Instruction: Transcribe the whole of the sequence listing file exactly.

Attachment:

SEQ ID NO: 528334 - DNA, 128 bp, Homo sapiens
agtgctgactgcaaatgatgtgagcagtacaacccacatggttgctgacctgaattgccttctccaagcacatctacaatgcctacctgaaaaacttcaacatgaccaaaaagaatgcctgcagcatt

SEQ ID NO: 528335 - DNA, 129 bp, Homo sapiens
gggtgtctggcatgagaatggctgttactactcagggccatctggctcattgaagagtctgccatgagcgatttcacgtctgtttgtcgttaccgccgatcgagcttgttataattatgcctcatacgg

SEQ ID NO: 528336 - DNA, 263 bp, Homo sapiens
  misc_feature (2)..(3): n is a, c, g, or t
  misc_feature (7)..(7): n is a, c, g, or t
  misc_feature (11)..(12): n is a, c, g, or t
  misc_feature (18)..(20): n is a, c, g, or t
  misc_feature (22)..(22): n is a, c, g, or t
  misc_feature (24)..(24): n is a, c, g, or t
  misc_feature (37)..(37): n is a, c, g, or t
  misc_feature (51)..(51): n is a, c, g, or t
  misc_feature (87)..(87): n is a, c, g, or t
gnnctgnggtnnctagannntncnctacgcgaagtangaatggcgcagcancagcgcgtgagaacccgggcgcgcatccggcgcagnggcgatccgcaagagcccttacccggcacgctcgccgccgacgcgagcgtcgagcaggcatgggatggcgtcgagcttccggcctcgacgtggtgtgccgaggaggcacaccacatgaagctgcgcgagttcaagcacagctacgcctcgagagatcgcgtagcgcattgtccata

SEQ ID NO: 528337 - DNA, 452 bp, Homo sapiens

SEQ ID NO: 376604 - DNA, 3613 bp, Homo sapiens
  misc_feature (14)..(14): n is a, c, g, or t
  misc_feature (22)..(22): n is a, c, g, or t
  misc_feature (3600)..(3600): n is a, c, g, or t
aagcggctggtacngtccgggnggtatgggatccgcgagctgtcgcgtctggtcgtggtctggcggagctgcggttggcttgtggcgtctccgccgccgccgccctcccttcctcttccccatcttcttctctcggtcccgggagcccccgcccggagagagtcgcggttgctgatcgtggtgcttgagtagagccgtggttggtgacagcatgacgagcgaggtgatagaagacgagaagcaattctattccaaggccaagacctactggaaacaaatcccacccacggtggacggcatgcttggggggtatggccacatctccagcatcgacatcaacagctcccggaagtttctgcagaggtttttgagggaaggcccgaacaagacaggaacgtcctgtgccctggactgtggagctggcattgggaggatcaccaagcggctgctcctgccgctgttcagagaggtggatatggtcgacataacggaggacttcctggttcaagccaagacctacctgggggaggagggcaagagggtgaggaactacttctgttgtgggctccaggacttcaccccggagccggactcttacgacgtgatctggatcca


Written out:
SEQ ID NO: 528334 - DNA, 128 bp, Homo sapiens
agtgctgactgcaaatgatgtgagcagtacaacccacatggttgctgacctgaattgccttctccaagcacatctacaatgcctacctgaaaaacttcaacatgaccaaaaagaatgcctgcagcatt

SEQ ID NO: 528335 - DNA, 129 bp, Homo sapiens
gggtgtctggcatgagaatggctgttactactcagggccatctggctcattgaagagtctgccatgagcgatttcacgtctgtttgtcgttaccgccgatcgagcttgttataattatgcctcatacgg

SEQ ID NO: 528336 - DNA, 263 bp, Homo sapiens
  misc_feature (2)..(3): n is a, c, g, or t
  misc_feature (7)..(7): n is a, c, g, or t
  misc_feature (11)..(12): n is a, c, g, or t
  misc_feature (18)..(20): n is a, c, g, or t
  misc_feature (22)..(22): n is a, c, g, or t
  misc_feature (24)..(24): n is a, c, g, or t
  misc_feature (37)..(37): n is a, c, g, or t
  misc_feature (51)..(51): n is a, c, g, or t
  misc_feature (87)..(87): n is a, c, g, or t
gnnctgnggtnnctagannntncnctacgcgaagtangaatggcgcagcancagcgcgtgagaacccgggcgcgcatccggcgcagnggcgatccgcaagagcccttacccggcacgctcgccgccgacgcgagcgtcgagcaggcatgggatggcgtcgagcttccggcctcgacgtggtgtgccgaggaggcacaccacatgaagctgcgcgagttcaagcacagctacgcctcgagagatcgcgtagcgcattgtccata

SEQ ID NO: 528337 - DNA, 452 bp, Homo sapiens

SEQ ID NO: 376604 - DNA, 3613 bp, Homo sapiens
  misc_feature (14)..(14): n is a, c, g, or t
  misc_feature (22)..(22): n is a, c, g, or t
  misc_feature (3600)..(3600): n is a, c, g, or t
aagcggctggtacngtccgggnggtatgggatccgcgagctgtcgcgtctggtcgtggtctggcggagctgcggttggcttgtggcgtctccgccgccgccgccctcccttcctcttccccatcttcttctctcggtcccgggagcccccgcccggagagagtcgcggttgctgatcgtggtgcttgagtagagccgtggttggtgacagcatgacgagcgaggtgatagaagacgagaagcaattctattccaaggccaagacctactggaaacaaatcccacccacggtggacggcatgcttggggggtatggccacatctccagcatcgacatcaacagctcccggaagtttctgcagaggtttttgagggaaggcccgaacaagacaggaacgtcctgtgccctggactgtggagctggcattgggaggatcaccaagcggctgctcctgccgctgttcagagaggtggatatggtcgacataacggaggacttcctggttcaagccaagacctacctgggggaggagggcaagagggtgaggaactacttctgttgtgggctccaggacttcaccccggagccggactcttacgacgtgatctggatcca